Tuesday, 1 September 2015

Mythbusting the 2015 Blue Jays

One of the fun things about a pennant race is that it gets people talking about the Blue Jays – people who otherwise wouldn’t pay attention to the team.  One of the less fun things about success is the way it induces people – usually fans of other teams – to make up reasons, out of thin air, why the Jays will fail.   One of my co-workers doesn’t follow baseball, but (sadly for him) has a number of friends who are Yankees fans, and my colleague was hearing all kinds of negative things about the Jays from them.  Success, of course, breeds haters… so if you hear detractors make the statements below, you’ll have some ammunition with which to rebut them.  Or in some cases, you'll know to change the subject where there’s some truth to the myth.

The Jays offense relies on the home run and can’t string hits together and win without homers:  FALSE

To be fair, every good offense relies to some extent on home runs.  However, while the Jays have hit more home runs than anyone else, they’ve also scored more runs than anyone else, and their ratio of home runs to runs scored is actually lower than the same ratio is for many other contenders.  For example, the Jays have scored 14% more runs than the Yankers have (720 runs versus 630) but Toronto has only outhomered NY by 8% (184-171).  They’ve scored 26% more runs than Houston, but hit just 2.8% more homers.  They’ve outscored the Dodgers by 35% but outhomered them by 18%.  I wasn’t able to find the percentage of runs each team scores on homers, but the ratio of runs scored to home runs suggests that the Jays aren’t as reliant on HR as other teams might be (looking at you, Houston).

As for stringing hits together, the Jays have a .335 OBP, 1st in the majors, and a .266 batting average, 5th in the majors.  They’re able to get on base and turn over the lineup as good or better than anyone in the league.

The Jays can’t play small-ball:  FALSE

They’re 1st in the majors in ‘productive outs’ (advancing a runner with none out, or scoring a runner with a sac fly or groundout) percentage.
They have scored runners from third base with less than 2 outs 56% of the time, 5th best in the majors
They advance runners from 2B to 3B with none out 60% of the time, second best in the majors.
They’re in the upper half of the league in bunt hits and infield hits.
And while they are middle-of-the-pack in stolen bases (17th - which makes sense, because why risk outs on the bases when you have their power?), when the Jays wants to steal, they’re good at it, with a 77.4% success rate, good for 4th in the majors.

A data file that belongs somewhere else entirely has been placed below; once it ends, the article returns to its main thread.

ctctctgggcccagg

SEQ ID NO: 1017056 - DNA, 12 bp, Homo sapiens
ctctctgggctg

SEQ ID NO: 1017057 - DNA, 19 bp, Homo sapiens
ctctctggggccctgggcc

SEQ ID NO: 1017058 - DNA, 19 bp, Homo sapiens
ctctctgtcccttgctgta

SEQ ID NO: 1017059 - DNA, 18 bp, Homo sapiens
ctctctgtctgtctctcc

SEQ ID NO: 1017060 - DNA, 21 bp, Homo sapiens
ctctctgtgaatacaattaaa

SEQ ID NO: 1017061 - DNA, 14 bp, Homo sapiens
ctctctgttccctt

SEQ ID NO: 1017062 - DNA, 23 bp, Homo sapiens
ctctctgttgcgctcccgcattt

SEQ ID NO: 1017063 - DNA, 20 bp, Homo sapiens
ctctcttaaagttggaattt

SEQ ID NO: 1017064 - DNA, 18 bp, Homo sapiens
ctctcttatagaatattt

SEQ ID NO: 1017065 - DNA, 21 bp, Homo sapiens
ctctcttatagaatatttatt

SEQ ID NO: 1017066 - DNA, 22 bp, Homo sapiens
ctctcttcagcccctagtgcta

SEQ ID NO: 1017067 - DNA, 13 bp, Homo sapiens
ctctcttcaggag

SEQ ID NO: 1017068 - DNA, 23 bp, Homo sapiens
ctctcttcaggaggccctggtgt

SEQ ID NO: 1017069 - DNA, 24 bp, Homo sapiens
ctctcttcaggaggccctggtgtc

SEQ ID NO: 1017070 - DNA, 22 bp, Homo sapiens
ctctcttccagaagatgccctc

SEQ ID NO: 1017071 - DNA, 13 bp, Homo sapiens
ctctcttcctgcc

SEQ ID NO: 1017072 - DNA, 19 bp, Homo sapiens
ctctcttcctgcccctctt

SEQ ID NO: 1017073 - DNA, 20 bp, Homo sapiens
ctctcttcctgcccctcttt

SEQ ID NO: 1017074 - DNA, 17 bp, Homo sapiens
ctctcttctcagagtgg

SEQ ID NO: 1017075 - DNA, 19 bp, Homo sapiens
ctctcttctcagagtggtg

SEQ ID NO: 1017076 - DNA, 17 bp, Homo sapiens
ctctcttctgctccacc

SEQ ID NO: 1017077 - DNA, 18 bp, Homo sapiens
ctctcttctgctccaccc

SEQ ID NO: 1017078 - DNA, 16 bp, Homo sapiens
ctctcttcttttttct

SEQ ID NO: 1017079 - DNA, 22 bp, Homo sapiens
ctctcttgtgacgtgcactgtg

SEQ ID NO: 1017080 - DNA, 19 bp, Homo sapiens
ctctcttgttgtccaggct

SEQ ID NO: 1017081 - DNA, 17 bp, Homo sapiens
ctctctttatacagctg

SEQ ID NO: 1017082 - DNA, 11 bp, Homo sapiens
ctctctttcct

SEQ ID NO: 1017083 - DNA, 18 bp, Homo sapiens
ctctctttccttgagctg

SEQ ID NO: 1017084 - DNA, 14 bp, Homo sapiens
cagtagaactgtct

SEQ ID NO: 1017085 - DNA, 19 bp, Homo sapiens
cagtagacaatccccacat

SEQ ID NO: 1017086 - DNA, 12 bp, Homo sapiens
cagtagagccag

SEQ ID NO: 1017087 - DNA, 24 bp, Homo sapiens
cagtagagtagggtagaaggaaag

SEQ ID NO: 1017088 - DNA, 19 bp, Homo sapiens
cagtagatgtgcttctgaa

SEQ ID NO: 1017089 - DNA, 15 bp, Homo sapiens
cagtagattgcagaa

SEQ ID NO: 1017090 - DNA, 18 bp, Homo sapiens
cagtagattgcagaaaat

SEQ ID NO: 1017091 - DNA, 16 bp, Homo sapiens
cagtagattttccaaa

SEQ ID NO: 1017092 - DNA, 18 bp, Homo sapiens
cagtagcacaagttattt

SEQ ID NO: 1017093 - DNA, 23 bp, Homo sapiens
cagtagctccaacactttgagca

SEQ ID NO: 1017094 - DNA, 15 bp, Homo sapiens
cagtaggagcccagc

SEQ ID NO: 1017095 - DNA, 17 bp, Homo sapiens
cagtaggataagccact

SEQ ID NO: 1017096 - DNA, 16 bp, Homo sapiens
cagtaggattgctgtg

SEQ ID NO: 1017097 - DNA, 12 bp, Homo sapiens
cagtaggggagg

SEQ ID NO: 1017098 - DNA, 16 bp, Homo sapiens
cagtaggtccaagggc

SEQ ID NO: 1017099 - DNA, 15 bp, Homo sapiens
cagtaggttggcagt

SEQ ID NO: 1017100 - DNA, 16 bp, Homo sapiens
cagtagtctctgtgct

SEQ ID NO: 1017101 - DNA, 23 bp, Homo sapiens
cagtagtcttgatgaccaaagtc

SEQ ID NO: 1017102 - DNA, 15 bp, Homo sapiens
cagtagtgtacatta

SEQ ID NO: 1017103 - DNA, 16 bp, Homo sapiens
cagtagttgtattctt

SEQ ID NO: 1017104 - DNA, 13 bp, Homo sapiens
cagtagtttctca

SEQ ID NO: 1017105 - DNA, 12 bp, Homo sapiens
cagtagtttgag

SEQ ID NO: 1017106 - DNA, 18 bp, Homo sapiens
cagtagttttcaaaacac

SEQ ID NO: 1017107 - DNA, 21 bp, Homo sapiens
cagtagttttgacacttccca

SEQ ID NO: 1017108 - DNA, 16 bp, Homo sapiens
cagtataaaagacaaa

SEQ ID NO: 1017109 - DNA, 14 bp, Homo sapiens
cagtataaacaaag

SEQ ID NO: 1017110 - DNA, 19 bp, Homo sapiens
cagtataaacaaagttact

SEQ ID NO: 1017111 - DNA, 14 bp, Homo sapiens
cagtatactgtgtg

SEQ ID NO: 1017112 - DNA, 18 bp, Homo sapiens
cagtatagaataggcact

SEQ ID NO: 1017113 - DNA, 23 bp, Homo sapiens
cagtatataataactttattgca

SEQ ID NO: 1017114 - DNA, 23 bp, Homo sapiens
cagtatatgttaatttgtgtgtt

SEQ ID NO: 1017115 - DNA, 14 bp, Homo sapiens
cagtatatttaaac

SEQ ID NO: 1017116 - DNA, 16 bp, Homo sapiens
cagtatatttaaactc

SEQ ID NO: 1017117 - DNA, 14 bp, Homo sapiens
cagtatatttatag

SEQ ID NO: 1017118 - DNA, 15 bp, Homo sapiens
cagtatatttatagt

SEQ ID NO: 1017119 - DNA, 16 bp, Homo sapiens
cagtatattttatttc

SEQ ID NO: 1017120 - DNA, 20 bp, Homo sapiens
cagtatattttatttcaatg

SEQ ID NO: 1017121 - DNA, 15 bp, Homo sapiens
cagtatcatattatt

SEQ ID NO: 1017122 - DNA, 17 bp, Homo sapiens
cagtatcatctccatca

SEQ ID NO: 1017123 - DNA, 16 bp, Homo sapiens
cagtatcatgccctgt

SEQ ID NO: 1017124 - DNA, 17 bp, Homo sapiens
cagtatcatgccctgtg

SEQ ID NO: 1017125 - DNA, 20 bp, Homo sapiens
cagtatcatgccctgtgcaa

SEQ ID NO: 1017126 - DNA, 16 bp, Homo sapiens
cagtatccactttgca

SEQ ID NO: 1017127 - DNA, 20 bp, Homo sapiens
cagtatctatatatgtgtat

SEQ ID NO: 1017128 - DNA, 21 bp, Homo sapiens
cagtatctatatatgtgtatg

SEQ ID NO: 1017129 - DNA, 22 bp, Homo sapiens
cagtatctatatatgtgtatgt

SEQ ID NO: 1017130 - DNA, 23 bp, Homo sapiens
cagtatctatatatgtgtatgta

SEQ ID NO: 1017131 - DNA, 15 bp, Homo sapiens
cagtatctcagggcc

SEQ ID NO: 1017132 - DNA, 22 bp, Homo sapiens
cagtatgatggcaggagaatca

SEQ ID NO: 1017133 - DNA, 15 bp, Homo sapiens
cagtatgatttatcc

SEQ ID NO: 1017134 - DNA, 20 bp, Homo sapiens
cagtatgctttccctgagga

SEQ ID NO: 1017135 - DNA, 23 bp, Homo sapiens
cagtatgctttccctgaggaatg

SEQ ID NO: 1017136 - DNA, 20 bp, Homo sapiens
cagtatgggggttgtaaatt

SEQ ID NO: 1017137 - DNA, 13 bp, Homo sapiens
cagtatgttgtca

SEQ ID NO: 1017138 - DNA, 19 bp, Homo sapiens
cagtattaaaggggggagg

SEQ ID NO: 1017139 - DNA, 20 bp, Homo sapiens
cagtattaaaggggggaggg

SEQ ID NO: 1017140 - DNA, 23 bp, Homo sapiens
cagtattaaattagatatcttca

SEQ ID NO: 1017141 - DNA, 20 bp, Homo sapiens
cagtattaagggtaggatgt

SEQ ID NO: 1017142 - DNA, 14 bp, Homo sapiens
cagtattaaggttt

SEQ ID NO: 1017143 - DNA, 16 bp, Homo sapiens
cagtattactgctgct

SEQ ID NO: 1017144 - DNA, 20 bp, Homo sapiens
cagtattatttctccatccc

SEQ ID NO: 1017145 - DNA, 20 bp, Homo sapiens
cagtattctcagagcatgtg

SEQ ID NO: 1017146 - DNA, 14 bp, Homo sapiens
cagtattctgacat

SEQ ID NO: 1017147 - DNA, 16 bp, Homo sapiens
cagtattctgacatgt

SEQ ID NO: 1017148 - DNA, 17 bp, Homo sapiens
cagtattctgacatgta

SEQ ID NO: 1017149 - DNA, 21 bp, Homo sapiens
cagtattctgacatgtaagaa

Well, they’re 5th in the AL in ERA and 8th in FIP for the season.  Of the teams likely to go to the playoffs in the AL, only the Astros (3.49) have a much better FIP than the Jays’ 3.98.  The Yankees (3.84) and Royals (3.93) are in the same ballpark as Toronto, while Texas (4.41) and  Minnesota (4.23) are worse.  But never mind season stats – at the start of the season, the Jays had a lot of question marks in the rotation (Norris, Sanchez) and bullpen (Castro, Loup, Francis).  Since the all-star break, the Jays are second in both ERA and FIP in the AL, and have just 4 blown saves in 40 games, compared with a league-worst 14 blown saves in 91 games in the first half.

The Jays can’t win close games:  TRUE, KIND OF

That is to say, they haven’t won close games… but I’m not sure that they can’t win them.  The Blue Jays are 13-24 in 1 run games, while other contenders are better (Yankees are 21-21, Royals are 22-12, Astros are 19-21).  And it’s not as if the Jays have been better since the all-star break; they’re just 3-5 in 1 run contests since then.   That said, the Jays don’t get blown out much – they’re 31-6 in games decided by 5 or more runs.  NY is just 21-16 in those games, KC is 20-10, Houston is 18-9, Minnesota is 17-20, Texas is just 15-21.  Is it luck, chance, or some mythical ‘clutchiness’ that hurts their 1-run record?  Beats me, but a win is a win, and with the new back end of the bullpen, there’s no obvious reason why the Jays wouldn’t be able to hold a lead in a tight game now.

The Jays blow too many leads:  TRUE

Any blown lead is too many.  However, the Blue Jays have 30 blown leads and 31 comeback wins, which isn’t great.  By contrast, the Yankees have 24 blown leads and 33 comebacks.  Houston has 23 blown leads and 34 comebacks, and KC has 20 blown leads and 35 comebacks.  The Jays certainly have the offense to put together comebacks, but the blown leads are worrying, even if most of them occurred in April-June.

The Blue Jays aren’t clutch:  FALSE – HITTING WISE, ANYWAY

They have an .848 OPS with RISP, 1st in the majors.  Doesn’t get much more clutch than that.  But on the other hand, the bullpen hasn’t been ‘clutch’ – they were worst in the majors according to Fangraphs in the first half, and are just 10th in the AL in the second half.

As I finish up typing this post, the Jays are winning a game 3-2 which, if they can close it out, would contradict three of the myths:
- winning a 1-run game
- scoring runs without homers (3 sac flies)
- scoring runs and preventing runs in clutch situations
- playing small ball (2 stolen bases set up the go-ahead run)
- outpitching an opponent for a win

So, if your debating opponent doesn't know what recency bias is, have at 'im (or, 'er').